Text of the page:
Winnipeg Cab History / 33: Two-Horse Cabs (1)
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By 1915 when this photo was taken horse cabs were almost extinct but they were still called on to lend a touch of dignity and tradition to funeral processions. Winnipeg's main thoroughfares were paved by now, but the leading clarence and three following landaus are all still pulled by pairs of horses.


June 19, 1915, Funeral cortege for Archbishop Langevin. Archives Manitoba, Foote 195 (Negative 1795).

Winnipeg Cab History / 33

Two-Horse Cabs (1)

Winnipeg's mud influenced the cab business in at least one lasting way. A strong team of horses was required to drag a carriage through the streets in wet weather. This accounts for there being very few one-horse cabs or coupes licensed during the horse-cab era.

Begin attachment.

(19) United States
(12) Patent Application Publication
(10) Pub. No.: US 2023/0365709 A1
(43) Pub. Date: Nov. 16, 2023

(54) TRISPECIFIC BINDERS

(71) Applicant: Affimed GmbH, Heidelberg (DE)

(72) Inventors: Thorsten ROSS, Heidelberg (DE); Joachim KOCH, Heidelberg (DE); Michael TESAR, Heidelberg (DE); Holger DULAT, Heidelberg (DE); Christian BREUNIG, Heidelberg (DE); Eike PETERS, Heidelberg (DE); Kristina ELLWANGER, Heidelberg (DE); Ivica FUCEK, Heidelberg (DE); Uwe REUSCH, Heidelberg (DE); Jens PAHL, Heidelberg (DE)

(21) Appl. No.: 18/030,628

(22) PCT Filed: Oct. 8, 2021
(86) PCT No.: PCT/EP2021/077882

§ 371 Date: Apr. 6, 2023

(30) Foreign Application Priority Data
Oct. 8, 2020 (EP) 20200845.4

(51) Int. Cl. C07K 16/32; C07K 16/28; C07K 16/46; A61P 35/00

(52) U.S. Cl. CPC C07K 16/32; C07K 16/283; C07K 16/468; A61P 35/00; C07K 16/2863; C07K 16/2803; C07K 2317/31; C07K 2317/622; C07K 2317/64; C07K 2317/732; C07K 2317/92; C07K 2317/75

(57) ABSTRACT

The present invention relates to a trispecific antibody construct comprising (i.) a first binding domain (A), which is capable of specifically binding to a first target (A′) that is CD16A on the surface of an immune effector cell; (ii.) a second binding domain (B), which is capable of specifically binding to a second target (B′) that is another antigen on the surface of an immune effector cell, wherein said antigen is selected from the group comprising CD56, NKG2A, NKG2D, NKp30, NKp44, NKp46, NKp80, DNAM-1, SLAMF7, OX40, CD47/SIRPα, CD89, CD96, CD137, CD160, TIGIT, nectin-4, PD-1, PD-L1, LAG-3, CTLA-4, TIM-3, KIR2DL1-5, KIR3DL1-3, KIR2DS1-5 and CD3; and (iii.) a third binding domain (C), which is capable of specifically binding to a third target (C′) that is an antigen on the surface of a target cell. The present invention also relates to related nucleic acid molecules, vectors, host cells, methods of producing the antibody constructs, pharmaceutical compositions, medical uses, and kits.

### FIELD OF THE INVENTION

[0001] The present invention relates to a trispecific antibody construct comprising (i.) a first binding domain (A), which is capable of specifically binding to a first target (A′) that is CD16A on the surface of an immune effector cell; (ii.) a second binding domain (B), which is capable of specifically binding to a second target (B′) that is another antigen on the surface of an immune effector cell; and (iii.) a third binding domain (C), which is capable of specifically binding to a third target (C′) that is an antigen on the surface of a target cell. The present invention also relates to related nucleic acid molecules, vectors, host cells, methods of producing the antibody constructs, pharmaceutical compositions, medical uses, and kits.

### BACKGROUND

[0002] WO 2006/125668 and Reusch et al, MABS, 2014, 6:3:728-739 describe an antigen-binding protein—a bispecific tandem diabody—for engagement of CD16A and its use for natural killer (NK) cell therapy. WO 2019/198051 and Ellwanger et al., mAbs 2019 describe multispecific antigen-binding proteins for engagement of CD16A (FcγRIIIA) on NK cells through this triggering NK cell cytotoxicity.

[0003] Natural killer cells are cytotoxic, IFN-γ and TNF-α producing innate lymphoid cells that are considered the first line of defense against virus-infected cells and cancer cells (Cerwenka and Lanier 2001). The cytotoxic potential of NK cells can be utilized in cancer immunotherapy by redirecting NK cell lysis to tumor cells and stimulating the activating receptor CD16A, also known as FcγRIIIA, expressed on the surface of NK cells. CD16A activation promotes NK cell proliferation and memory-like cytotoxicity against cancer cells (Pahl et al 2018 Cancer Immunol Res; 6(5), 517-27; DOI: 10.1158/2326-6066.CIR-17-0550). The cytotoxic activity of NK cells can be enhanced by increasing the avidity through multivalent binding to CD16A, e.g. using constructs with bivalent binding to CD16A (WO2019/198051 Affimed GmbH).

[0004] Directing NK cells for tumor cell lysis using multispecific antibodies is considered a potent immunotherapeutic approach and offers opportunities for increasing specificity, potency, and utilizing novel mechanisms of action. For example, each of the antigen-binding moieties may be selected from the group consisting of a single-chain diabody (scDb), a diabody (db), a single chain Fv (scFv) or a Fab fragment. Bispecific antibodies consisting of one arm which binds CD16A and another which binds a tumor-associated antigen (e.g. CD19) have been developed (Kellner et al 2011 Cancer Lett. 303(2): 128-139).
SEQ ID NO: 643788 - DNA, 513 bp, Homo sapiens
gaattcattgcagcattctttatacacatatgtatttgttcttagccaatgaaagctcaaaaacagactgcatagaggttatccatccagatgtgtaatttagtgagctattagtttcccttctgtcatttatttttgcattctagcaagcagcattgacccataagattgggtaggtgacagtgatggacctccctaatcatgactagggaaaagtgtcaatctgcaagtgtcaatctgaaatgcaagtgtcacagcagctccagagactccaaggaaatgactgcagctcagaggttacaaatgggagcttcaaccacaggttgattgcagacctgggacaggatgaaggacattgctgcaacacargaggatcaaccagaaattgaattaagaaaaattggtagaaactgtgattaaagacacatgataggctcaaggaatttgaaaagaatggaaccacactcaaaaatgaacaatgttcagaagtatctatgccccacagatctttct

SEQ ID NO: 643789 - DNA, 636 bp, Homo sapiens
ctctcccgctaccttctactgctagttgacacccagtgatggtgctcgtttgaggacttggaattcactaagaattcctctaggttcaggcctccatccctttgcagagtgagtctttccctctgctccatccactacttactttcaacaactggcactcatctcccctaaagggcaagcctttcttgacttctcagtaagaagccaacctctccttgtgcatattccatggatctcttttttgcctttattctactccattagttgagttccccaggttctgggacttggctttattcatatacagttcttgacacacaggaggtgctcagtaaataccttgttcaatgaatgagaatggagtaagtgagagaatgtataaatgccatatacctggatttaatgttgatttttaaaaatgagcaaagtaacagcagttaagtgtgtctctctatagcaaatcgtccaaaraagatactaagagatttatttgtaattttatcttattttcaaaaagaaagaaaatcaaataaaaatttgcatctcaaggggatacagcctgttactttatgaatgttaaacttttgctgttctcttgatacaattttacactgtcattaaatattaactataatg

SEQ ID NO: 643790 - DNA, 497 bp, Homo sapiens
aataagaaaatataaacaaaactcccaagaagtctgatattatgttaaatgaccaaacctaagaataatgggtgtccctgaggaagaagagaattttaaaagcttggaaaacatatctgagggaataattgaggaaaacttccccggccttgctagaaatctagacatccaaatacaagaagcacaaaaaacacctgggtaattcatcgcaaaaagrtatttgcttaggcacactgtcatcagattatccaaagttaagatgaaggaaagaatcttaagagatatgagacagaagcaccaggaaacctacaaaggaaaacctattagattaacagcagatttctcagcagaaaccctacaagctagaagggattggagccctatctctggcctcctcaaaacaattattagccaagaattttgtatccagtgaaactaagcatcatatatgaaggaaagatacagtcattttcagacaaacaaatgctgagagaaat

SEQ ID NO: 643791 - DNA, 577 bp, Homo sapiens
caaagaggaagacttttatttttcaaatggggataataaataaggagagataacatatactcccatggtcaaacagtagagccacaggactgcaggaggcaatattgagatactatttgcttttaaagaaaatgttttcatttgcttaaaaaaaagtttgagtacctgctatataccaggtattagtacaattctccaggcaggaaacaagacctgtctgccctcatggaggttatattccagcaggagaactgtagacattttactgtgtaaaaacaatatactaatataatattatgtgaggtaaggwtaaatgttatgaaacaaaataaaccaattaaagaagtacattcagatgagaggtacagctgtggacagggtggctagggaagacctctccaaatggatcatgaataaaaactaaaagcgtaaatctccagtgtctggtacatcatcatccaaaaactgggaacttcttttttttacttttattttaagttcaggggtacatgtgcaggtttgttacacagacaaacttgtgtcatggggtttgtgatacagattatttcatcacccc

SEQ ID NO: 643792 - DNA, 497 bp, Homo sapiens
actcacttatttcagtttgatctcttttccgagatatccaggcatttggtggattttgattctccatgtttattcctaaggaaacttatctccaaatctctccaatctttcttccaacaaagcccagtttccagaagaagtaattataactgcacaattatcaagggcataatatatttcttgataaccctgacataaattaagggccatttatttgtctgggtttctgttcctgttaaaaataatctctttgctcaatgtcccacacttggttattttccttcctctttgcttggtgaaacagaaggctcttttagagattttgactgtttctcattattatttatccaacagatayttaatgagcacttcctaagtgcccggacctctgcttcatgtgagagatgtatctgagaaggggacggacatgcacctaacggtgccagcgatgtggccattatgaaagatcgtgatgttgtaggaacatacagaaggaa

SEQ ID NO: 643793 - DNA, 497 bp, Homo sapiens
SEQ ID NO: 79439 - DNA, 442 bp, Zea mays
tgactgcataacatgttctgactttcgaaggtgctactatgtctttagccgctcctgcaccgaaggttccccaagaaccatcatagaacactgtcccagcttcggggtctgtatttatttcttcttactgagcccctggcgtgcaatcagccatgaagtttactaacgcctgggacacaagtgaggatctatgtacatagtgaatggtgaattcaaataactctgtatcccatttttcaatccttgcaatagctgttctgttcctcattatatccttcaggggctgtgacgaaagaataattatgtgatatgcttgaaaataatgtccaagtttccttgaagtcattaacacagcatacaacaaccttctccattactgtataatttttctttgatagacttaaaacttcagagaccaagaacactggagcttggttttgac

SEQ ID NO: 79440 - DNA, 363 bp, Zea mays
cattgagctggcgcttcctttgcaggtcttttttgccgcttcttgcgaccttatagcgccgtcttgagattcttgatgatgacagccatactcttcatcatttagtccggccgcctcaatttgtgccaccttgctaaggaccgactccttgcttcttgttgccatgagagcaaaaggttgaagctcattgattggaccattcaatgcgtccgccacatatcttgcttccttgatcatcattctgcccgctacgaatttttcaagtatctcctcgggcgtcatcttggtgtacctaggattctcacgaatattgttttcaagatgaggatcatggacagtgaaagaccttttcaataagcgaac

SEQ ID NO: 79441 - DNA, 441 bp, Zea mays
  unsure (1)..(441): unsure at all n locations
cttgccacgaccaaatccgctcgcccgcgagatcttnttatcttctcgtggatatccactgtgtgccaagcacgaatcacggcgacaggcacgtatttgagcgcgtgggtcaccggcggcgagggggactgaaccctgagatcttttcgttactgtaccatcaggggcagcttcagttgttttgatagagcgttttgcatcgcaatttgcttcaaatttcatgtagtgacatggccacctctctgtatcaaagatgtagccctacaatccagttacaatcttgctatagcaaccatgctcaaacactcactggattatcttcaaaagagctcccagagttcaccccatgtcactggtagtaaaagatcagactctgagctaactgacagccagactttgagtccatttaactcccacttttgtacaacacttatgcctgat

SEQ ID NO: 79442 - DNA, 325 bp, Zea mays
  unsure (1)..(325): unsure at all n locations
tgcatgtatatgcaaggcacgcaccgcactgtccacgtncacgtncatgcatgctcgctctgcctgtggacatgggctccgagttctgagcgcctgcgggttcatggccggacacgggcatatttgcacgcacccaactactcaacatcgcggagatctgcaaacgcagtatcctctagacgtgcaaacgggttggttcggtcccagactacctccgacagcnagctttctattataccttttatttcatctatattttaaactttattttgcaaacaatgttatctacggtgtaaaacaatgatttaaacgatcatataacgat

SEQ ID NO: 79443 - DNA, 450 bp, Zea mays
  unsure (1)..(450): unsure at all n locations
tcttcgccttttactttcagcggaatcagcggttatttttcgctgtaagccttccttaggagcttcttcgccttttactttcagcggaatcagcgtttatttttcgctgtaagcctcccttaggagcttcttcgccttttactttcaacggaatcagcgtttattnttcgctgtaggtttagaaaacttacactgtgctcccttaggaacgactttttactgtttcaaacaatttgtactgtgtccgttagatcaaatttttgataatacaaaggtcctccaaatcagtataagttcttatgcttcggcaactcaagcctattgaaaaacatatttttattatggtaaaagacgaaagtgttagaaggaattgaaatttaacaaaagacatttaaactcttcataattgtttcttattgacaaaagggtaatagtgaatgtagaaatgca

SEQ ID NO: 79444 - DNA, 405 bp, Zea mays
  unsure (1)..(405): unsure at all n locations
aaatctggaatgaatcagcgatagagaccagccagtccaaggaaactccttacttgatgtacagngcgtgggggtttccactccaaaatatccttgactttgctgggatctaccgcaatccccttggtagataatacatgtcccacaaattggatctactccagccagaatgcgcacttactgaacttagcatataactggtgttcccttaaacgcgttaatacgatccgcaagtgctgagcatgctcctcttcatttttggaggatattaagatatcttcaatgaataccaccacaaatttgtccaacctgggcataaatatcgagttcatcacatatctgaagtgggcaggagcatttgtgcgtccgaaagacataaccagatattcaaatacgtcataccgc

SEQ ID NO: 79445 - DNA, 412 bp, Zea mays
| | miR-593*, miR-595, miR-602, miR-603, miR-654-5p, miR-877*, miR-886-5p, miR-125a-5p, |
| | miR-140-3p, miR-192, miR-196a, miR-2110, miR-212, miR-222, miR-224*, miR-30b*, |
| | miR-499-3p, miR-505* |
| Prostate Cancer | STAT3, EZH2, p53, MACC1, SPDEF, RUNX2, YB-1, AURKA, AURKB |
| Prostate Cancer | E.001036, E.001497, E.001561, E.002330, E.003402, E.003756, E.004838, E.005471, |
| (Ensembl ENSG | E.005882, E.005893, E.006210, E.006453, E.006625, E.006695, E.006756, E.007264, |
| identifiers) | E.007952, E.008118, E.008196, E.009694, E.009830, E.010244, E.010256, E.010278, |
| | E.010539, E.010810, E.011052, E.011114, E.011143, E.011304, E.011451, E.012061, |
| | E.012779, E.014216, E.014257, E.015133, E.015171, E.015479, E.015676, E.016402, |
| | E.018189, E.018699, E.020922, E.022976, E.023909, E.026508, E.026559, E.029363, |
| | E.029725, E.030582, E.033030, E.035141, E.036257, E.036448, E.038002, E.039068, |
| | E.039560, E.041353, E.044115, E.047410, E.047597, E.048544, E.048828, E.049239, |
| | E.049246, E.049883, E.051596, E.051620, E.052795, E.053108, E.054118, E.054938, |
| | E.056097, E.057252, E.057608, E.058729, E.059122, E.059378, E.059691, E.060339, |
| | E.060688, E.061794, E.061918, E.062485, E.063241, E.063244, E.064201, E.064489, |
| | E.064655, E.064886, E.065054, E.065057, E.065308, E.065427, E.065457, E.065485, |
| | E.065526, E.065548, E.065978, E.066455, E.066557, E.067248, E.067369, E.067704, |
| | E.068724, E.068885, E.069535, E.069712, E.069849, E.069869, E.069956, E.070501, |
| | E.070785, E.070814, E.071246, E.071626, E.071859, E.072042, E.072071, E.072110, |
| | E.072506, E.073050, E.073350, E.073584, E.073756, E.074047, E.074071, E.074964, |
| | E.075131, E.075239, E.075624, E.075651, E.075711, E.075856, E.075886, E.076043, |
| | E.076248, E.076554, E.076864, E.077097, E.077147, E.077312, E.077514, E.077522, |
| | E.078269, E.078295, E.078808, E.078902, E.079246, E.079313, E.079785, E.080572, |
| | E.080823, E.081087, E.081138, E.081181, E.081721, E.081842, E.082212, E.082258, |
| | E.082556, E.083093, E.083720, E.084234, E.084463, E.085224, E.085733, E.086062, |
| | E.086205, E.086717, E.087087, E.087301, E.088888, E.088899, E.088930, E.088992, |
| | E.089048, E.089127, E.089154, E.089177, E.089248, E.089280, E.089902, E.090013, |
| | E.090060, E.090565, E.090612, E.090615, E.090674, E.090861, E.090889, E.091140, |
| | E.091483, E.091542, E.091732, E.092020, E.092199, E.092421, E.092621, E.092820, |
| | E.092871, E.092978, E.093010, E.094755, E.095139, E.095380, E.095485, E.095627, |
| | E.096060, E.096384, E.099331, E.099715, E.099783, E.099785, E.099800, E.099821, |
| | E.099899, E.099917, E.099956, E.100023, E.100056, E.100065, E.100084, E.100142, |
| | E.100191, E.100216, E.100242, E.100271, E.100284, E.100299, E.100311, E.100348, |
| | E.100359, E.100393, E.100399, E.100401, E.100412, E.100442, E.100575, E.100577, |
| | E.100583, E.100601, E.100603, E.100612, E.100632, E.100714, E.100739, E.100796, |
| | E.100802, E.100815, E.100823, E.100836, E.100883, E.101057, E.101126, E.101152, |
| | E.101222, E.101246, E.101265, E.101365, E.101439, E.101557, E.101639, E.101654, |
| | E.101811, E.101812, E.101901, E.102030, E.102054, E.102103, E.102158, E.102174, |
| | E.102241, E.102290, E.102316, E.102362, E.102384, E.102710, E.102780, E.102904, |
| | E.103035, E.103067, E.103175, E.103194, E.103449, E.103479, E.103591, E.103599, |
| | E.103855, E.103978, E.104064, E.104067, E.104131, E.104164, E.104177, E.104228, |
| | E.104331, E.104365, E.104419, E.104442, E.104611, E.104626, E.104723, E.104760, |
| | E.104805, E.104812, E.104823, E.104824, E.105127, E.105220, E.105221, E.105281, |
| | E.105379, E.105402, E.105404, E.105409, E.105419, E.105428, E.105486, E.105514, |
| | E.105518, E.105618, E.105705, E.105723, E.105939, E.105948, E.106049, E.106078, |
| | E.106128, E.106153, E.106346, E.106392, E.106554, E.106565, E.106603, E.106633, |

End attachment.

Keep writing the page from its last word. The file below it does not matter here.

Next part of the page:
The two-horse habit persisted long after street paving had largely solved the mud problem. In 1910 the Winnipeg Telegram noted that there were only three one-horse cabs in the city and wondered why "Winnipeg clings with such persistence to the heavy chariot drawn by two powerful roadsters."

In other cities in North America and Europe most cabs were pulled by a single horse.


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